By Justin Worland
June 3, 2015

Bisphenol A, better known as BPA, has inspired fear in the minds of the health conscious ever since researchers first expressed concern that the chemical may disrupt the human endocrine system in 2008. Now, more than a quarter of food brands offer at least some of their products in BPA-free packaging, according to a new study.

But the research, published Wednesday by the Environmental Working Group (EWG), also demonstrates why people buying BPA-free products may not be getting the product they think. For one, many BPA replacement chemicals may not be any better than BPA itself. Even worse, some products with BPA-free labels may actually do contain BPA due to lax regulation of packaging manufacturers.

“People should not be eating BPA. It’s a known toxin,” said Renee Sharp, EWG head of research. “But at the same time we don’t know a ton about the alternative chemicals.”

Researchers surveyed companies that manufacture more than 250 food brands for the study and found that 12% used BPA-free cans for all canned goods, 14% used some BPA-free cans and 31% used exclusively BPA-lined cans. The remaining 43% did not provide adequate data. Amy’s Kitchen, American Tuna and Tyson Foods are among the companies that have eliminated BPA entirely.

While EWG got clear answers from most companies about whether they used BPA in their cans, that the companies that say they did switch to BPA free offered only “a vague description” or provided no information at all about what replaced BPA in their packaging, according to the report. The lack of transparency concerns some health experts because early evidence suggests that some alternatives like Bisphenol S and F, known as BPS and BPF, may have similar negative effects on the human body.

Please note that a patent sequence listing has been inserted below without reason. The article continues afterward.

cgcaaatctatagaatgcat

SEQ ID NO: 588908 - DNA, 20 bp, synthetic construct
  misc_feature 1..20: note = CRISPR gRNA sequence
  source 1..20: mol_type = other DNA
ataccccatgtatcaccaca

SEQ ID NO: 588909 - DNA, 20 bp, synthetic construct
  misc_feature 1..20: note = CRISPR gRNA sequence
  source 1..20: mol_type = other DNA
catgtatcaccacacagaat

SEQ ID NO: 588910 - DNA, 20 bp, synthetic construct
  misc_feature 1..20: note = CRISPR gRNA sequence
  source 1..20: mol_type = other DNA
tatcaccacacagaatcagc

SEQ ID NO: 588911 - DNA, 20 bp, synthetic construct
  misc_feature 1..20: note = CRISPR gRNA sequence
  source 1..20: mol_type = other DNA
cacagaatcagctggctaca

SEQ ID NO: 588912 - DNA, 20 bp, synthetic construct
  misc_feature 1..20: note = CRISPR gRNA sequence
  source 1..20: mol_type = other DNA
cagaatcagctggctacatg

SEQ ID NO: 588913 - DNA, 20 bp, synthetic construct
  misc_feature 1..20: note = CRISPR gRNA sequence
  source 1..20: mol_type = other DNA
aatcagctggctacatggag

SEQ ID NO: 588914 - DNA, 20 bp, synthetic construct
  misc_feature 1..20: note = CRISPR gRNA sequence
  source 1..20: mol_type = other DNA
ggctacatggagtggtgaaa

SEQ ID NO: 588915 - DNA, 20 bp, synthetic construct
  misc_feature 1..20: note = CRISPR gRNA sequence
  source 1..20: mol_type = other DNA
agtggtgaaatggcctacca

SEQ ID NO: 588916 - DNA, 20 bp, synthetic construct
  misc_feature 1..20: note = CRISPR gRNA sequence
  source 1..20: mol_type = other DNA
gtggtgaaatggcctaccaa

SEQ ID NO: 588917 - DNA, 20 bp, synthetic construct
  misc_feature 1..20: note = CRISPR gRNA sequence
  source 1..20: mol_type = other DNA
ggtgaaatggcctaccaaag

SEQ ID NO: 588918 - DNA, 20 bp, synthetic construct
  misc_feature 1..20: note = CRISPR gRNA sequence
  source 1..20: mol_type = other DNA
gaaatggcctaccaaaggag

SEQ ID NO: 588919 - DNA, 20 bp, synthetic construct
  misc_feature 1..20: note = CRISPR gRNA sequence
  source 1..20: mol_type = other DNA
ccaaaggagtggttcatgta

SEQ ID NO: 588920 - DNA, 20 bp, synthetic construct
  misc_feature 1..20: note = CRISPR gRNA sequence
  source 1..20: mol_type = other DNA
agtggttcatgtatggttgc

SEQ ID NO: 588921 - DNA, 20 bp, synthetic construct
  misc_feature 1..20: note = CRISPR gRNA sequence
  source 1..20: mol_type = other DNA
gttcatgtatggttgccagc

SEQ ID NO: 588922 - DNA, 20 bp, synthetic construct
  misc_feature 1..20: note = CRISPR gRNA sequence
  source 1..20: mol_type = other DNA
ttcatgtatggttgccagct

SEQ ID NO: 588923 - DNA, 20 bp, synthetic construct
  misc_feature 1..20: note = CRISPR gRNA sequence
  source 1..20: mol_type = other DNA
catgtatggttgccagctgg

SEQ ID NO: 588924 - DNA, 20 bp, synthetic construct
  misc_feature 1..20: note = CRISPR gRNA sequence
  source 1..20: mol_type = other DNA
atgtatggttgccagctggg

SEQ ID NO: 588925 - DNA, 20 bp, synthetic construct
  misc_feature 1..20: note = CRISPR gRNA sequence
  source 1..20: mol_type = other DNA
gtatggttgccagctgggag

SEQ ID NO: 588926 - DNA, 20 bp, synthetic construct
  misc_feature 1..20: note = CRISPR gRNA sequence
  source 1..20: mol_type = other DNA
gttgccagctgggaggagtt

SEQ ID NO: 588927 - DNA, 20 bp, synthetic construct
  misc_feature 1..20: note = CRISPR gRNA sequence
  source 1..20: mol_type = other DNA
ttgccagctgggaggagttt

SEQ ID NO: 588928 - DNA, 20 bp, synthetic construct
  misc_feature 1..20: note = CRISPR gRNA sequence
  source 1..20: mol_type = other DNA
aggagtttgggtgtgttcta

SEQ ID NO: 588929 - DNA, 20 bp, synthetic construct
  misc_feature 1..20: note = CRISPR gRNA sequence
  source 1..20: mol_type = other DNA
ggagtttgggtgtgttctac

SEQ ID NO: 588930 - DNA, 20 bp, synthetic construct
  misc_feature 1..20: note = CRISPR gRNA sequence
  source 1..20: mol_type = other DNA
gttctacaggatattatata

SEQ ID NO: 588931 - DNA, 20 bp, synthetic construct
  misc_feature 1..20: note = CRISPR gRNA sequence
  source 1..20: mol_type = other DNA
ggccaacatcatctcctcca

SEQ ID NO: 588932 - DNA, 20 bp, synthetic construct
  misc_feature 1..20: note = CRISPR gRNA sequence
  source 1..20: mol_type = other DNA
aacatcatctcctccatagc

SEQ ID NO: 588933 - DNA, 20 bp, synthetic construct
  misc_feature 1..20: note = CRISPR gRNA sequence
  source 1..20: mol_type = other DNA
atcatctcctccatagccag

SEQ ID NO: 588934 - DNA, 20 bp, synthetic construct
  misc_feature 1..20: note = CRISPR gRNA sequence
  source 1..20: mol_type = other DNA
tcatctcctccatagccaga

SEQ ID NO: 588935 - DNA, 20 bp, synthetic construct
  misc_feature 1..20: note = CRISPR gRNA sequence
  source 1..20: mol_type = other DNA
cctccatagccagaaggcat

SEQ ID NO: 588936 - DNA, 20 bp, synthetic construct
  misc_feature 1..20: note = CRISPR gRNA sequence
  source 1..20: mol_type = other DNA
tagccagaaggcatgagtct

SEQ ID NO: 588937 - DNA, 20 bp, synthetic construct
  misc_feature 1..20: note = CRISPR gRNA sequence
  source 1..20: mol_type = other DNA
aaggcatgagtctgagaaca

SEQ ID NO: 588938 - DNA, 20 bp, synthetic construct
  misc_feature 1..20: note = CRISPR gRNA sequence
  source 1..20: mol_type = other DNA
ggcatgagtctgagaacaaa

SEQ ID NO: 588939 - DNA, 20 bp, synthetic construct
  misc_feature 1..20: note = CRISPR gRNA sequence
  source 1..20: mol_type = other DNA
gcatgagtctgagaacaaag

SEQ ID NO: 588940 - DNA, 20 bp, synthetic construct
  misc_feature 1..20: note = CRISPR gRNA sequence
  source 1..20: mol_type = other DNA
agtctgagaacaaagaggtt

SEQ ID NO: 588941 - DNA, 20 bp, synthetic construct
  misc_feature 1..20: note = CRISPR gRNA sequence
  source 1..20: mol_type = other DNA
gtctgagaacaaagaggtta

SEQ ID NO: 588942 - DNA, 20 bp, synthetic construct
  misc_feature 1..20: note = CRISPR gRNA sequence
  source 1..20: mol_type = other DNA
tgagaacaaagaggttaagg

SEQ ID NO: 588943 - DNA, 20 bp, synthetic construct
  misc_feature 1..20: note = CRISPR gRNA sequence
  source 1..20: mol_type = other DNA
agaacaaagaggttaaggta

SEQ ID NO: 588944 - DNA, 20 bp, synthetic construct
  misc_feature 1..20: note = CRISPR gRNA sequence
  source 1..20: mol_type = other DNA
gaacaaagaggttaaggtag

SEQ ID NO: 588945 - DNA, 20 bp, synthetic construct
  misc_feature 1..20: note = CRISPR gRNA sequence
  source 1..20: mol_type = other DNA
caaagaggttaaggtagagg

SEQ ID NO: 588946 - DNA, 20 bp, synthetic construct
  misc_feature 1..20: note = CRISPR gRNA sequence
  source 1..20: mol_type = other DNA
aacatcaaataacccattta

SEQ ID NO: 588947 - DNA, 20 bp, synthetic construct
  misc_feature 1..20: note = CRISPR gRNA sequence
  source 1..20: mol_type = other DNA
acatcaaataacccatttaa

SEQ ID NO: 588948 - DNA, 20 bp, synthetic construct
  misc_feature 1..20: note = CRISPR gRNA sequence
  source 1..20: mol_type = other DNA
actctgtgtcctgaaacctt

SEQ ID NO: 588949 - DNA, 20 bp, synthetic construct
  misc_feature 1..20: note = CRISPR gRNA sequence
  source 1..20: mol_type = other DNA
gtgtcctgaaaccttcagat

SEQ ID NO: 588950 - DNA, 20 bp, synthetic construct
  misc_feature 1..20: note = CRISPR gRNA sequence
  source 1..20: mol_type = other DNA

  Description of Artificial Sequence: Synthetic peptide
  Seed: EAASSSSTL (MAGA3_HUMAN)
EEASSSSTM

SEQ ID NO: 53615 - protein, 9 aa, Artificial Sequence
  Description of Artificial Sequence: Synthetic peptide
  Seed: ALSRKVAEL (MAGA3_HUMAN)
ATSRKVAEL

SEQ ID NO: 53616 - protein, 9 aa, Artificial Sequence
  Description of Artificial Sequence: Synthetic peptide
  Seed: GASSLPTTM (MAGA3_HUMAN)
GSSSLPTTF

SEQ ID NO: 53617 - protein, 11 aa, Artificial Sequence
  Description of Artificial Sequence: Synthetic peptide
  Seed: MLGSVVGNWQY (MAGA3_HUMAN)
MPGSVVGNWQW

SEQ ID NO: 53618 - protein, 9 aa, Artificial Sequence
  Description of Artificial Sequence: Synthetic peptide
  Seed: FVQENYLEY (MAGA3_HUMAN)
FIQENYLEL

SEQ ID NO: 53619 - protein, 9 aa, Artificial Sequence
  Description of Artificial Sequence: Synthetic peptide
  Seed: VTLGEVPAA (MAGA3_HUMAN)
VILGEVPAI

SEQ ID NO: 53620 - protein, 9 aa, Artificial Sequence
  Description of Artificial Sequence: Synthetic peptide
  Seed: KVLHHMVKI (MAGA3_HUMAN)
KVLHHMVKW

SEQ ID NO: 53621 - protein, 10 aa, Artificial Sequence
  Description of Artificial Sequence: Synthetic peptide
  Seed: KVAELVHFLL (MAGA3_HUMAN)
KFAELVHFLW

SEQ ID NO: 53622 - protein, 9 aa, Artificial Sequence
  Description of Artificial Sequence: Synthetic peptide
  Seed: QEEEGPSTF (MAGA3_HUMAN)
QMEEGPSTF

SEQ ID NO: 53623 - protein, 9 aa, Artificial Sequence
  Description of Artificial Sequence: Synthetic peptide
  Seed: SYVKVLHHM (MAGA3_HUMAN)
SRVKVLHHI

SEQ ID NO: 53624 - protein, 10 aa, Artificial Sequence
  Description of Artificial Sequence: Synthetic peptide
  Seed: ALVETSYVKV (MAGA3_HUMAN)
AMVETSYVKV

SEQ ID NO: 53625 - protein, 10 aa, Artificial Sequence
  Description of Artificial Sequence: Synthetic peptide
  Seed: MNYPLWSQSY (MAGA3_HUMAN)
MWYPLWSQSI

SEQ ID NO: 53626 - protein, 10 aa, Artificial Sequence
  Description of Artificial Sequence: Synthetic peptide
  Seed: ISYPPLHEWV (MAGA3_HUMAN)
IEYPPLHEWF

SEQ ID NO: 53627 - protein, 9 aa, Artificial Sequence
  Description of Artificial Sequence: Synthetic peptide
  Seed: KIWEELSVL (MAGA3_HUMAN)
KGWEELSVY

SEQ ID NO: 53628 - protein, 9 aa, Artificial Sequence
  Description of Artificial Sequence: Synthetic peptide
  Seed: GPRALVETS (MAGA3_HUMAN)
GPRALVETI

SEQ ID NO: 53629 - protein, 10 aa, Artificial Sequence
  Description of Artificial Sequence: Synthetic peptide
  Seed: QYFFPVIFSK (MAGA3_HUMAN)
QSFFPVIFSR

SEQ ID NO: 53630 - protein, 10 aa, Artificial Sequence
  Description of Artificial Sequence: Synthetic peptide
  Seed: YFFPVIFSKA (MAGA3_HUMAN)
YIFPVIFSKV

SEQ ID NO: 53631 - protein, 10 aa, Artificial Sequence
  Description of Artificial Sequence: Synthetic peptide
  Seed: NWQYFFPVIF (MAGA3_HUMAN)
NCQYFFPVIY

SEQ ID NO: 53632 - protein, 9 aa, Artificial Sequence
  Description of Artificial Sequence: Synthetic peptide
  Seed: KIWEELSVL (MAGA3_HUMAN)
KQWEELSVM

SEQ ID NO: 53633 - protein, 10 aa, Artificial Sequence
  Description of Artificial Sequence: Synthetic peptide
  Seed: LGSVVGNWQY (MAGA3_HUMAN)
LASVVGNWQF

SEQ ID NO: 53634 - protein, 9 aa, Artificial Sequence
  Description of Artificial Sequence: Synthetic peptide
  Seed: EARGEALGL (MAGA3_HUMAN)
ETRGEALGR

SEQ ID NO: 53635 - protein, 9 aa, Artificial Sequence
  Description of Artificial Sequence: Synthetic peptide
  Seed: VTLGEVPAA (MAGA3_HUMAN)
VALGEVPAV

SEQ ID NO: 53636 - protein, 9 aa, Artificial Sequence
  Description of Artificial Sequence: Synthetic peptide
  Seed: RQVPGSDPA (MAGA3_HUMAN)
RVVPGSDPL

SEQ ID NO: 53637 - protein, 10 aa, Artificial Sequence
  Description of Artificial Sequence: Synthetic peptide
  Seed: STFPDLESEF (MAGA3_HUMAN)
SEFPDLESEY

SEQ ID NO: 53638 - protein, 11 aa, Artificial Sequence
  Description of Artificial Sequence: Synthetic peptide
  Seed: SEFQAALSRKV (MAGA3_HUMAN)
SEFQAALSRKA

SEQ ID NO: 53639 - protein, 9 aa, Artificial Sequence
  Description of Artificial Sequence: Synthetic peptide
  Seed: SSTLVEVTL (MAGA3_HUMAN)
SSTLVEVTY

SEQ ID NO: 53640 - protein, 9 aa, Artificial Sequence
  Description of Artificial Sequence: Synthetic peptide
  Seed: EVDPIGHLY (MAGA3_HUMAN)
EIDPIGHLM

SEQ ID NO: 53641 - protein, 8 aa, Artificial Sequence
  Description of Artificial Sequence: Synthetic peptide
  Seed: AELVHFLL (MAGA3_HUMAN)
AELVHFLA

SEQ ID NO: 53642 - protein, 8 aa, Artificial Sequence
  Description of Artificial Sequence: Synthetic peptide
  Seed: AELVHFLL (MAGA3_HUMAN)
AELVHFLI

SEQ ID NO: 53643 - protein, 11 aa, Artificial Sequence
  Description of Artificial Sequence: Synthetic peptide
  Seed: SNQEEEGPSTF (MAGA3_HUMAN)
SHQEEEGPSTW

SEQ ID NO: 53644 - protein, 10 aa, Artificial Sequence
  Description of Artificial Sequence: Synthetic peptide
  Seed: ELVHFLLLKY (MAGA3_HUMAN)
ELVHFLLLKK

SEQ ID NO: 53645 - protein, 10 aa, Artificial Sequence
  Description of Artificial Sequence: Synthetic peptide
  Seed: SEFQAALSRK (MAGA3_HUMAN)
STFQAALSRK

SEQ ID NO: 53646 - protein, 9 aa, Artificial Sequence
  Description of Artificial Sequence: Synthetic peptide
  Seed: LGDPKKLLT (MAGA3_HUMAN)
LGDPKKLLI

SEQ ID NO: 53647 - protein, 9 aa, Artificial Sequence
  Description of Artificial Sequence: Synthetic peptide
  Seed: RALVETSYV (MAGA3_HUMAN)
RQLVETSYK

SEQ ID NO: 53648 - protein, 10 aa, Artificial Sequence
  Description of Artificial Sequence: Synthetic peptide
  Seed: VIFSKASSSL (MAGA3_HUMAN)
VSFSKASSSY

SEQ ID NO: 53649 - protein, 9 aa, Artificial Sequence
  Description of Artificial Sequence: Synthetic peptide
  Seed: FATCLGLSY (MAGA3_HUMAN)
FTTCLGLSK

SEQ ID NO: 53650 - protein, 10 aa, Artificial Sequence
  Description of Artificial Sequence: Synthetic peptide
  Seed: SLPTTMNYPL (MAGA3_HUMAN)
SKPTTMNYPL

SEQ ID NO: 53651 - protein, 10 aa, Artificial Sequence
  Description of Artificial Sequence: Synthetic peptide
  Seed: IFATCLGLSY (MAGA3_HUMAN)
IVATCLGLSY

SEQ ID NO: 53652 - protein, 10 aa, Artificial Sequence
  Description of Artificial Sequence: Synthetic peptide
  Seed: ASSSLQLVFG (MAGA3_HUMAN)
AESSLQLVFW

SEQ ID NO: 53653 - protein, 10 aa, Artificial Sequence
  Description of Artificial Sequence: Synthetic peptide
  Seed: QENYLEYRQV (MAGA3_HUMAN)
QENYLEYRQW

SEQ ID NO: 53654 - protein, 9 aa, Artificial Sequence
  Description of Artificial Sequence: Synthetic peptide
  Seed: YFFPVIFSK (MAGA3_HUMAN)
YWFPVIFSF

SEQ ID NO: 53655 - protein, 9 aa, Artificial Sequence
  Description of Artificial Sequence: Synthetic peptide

Despite a lack of transparency, EWG researchers say that it’s worth avoiding BPA even if we don’t fully understand the alternatives. “If you know something is bad, you don’t want to be eating it,” said Sharp. “I do think that the companies that are trying to do the right things deserve props.”

Still, it’s hard for consumers to know exactly what the BPA-free label means. With little oversight, packaging suppliers don’t necessarily provide food manufacturers with products that meet a BPA-free standard, even if they slap on a BPA-free label. EWG researchers hope the U.S. Food and Drug Administration will set a standard of fewer than 0.5 parts per billion of BPA in food contents, said EWG database analyst Samara Geller.

“Companies are putting that label on the can, but we would like to see that mean something for consumers,” she said.

So what do you do if you want to avoid BPA entirely? Good luck.

“Don’t eat canned food, eat fresh food,” said Sharp. “And don’t touch store receipts.”

Write to Justin Worland at justin.worland@time.com.

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